For the last five years, Anne Kohlmann has been working at Cold Spring Hills Center for Nursing and Rehabilitation as the Admissions Coordinator and has become a vital team member.
What brought you to Cold Spring Hills?
I came and toured the facility before seeking employment and was blown away by the size. A 588-bed facility is unparalleled and can care for many different types of residents, most of whom have a hard time getting placed. We have residents who are on a ventilator and/or need dialysis and those who are at risk of wandering. There's also an acre-enclosed courtyard; it's fantastic.
What makes Cold Spring Hills different or unique from other facilities?
When you visit other facilities, you have minimal space in a two-bedroom; here, all the subacute rooms are singles. There are some exceptions, but for the most part, you have much privacy. There's a convenience store in the facility. If you forget to get a birthday card, it's on the way to the room. If you're coming from work and want a sandwich, there's a deli in the lobby. It's not only comfortable for the residents but also for their families.
What is something you love about your job?
I like to talk to families about money, the subject they fear. They even fear bringing it up...how much will this cost? How can we afford this? All that worry, some of them voice it right away, and some fear it and don't even want to know. How much does mom's insurance cover? What doesn't it cover? How do we, Cold Spring Hills, help fill in the gaps when they can't afford it. I love helping assist with services, screening for Medicaid, and things like that.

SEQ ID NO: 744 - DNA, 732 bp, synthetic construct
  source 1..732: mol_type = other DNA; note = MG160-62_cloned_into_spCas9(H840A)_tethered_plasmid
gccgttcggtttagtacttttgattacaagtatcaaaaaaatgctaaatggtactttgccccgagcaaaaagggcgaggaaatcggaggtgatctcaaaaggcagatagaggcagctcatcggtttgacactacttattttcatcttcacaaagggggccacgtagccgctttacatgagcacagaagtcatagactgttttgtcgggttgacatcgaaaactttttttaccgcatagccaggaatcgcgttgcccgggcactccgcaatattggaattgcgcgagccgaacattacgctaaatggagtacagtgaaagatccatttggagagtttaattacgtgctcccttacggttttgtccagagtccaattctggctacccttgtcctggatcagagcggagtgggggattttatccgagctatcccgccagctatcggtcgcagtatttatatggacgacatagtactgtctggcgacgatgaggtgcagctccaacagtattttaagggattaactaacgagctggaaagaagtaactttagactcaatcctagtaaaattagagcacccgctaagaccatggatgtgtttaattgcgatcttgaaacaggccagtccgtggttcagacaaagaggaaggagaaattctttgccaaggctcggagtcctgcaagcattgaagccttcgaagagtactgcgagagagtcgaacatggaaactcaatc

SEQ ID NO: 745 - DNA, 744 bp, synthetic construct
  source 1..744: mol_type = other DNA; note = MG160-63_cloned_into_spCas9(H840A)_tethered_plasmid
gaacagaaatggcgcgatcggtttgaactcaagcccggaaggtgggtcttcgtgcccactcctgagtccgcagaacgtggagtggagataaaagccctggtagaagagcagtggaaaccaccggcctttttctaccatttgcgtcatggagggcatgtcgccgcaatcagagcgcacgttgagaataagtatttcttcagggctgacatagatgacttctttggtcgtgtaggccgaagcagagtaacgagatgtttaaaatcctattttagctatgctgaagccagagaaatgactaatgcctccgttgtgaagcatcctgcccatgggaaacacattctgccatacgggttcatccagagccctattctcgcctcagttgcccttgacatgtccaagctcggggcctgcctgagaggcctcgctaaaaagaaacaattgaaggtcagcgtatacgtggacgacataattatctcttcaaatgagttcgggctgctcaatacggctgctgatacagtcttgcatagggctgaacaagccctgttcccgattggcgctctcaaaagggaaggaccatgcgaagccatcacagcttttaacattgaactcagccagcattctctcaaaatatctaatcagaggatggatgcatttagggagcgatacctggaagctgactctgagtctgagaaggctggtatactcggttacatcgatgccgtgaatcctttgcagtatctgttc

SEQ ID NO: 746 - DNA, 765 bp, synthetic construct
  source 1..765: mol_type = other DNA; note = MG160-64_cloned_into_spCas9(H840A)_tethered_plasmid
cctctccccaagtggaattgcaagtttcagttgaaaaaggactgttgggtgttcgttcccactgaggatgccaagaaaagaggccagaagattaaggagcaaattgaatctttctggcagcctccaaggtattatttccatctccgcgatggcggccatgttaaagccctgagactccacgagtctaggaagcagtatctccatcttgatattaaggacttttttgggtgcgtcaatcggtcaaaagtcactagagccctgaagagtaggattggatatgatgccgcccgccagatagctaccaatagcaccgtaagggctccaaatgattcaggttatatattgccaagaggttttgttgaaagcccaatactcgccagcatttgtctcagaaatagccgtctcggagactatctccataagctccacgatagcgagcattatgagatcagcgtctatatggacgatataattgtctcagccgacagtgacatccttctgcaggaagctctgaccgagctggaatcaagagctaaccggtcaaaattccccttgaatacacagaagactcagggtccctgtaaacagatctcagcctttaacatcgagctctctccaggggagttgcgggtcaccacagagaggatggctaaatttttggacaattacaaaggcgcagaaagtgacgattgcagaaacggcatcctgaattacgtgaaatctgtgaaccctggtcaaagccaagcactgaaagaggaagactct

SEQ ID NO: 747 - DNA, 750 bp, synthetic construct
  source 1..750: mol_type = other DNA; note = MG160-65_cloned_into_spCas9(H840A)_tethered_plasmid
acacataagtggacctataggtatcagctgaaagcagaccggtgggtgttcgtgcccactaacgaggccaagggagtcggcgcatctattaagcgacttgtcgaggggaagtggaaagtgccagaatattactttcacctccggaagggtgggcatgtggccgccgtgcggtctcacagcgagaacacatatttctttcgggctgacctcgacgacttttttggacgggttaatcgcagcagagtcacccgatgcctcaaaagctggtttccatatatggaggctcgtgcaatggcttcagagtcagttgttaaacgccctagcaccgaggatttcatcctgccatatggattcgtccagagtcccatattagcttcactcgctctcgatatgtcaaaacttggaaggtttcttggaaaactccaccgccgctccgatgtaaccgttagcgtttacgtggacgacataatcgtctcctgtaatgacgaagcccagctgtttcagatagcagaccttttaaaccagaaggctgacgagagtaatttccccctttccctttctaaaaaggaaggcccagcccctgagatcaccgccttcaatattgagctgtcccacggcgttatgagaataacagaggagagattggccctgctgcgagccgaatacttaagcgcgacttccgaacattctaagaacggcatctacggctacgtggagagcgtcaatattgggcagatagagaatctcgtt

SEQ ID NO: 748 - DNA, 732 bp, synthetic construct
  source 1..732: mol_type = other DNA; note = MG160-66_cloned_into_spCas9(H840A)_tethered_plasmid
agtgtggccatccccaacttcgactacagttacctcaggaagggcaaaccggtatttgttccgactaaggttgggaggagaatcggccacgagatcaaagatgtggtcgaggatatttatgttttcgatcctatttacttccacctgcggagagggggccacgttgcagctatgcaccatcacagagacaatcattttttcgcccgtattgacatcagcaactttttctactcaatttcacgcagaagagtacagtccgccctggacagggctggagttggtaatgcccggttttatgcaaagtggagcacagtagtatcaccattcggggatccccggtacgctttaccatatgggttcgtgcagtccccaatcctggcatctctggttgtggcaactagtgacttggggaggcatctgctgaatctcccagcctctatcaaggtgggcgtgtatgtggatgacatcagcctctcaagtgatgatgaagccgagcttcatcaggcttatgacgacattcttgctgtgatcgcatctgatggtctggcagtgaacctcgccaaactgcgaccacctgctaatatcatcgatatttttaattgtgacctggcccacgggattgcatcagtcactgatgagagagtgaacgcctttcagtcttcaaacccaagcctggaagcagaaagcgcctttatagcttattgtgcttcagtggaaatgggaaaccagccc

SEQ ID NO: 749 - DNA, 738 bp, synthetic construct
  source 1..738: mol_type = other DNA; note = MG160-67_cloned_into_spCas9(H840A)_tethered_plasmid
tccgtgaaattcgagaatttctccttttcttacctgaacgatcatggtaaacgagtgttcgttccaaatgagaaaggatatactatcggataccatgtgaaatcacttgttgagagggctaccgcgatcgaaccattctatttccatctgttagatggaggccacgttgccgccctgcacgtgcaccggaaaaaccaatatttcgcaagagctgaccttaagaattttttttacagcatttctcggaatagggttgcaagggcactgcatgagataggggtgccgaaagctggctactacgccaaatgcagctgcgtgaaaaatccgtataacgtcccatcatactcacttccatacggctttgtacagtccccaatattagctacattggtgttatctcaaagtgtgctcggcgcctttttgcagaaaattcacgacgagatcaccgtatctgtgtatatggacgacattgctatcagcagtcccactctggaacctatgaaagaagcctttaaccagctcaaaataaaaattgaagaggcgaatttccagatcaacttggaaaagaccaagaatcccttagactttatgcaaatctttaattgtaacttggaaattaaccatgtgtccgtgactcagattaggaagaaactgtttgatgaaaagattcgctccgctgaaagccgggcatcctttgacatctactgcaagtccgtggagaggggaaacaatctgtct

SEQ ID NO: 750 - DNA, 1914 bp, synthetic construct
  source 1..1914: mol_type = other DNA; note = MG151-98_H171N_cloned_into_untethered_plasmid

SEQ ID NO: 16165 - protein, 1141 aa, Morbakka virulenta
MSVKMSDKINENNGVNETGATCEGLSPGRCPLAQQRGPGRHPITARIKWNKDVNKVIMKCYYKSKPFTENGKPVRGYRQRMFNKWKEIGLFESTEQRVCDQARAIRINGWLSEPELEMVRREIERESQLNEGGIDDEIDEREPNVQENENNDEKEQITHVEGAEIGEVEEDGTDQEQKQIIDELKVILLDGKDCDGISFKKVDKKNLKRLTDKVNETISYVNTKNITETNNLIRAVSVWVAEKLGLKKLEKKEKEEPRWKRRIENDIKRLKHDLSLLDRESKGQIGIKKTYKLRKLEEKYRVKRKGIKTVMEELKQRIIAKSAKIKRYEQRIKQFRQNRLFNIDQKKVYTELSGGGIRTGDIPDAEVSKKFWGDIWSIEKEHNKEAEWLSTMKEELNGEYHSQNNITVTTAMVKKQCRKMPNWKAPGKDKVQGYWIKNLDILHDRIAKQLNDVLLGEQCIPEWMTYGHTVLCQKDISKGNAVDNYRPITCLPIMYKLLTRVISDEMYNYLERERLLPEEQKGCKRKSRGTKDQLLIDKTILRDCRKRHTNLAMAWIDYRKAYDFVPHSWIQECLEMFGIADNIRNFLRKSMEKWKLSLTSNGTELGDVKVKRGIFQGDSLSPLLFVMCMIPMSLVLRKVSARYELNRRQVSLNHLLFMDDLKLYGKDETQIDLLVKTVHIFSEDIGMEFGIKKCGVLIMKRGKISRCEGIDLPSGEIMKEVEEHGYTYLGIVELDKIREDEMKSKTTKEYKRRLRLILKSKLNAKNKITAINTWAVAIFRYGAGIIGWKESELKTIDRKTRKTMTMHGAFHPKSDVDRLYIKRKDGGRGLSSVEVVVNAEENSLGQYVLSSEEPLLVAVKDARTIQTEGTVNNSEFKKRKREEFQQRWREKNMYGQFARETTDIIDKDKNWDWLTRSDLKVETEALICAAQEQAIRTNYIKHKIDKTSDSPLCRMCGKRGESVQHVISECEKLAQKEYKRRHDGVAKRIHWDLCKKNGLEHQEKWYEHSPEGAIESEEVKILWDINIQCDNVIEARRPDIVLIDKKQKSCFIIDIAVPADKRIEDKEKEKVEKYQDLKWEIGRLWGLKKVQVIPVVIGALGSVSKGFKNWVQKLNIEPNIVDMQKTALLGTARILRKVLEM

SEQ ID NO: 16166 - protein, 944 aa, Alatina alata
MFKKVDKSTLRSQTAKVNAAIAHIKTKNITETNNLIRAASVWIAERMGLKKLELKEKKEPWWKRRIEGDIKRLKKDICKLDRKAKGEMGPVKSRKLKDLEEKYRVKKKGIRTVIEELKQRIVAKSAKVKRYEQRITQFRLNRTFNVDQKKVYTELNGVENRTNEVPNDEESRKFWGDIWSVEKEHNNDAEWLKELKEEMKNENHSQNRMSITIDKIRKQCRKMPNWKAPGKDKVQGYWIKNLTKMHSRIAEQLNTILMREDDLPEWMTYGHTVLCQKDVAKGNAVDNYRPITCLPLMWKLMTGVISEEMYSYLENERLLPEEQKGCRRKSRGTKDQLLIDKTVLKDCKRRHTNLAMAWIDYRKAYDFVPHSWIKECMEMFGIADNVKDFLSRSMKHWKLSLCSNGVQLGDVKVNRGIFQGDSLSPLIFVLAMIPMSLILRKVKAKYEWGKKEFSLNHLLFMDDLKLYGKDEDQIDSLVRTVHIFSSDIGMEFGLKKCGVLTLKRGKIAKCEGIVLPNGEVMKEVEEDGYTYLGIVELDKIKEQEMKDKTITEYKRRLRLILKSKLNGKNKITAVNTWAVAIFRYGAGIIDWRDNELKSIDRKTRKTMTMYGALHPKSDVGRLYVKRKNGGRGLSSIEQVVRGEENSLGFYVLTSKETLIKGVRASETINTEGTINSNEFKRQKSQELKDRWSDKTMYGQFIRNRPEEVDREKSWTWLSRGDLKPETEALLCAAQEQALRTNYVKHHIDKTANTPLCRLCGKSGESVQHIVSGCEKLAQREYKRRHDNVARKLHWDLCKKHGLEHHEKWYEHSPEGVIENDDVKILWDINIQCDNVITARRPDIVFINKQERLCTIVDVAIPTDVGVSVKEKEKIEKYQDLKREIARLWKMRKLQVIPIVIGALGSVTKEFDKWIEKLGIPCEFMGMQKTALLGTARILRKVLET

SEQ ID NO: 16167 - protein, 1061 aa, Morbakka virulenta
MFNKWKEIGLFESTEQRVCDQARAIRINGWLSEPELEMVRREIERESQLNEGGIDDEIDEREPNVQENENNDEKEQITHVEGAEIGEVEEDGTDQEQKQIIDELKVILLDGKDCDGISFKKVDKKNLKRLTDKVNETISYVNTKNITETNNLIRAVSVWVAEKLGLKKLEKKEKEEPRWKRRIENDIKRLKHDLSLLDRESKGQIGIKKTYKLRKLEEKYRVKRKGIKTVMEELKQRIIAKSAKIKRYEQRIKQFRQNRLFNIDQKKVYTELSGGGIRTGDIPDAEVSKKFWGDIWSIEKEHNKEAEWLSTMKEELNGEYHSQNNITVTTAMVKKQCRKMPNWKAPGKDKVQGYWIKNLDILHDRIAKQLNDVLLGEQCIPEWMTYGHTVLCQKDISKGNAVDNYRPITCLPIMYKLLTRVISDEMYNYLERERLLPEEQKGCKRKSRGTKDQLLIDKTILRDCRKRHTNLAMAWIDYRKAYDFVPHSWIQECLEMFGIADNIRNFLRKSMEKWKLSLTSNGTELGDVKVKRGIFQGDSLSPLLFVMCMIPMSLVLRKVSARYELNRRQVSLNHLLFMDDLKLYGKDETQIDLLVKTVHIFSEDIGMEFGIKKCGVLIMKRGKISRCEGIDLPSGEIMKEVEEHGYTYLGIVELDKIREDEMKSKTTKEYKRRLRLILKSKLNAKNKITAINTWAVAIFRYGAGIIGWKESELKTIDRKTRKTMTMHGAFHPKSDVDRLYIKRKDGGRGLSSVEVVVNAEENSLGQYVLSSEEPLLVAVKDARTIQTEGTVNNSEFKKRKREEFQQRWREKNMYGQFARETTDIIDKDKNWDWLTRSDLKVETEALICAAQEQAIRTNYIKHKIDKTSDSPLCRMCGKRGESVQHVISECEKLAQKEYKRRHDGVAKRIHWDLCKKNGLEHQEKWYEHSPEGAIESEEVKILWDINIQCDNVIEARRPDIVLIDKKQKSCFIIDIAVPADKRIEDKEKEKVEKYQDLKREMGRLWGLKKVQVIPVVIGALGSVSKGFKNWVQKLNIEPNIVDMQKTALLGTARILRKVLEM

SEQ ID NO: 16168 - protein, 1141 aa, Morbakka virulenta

What is your favorite memory since starting here?
Before working in admissions, there was a time I was working in the Medicaid office, focusing on people who have unique circumstances. It's challenging and so rewarding. One of my residents was turned down for Medicaid because, during their search through the accounting records, it showed that he had two businesses. How do you prove he doesn't when there are two incorporations? The resident thought of some business contacts who could vouch that the business was no longer operating. To troubleshoot with families and residents to figure out what the county needed was very satisfying.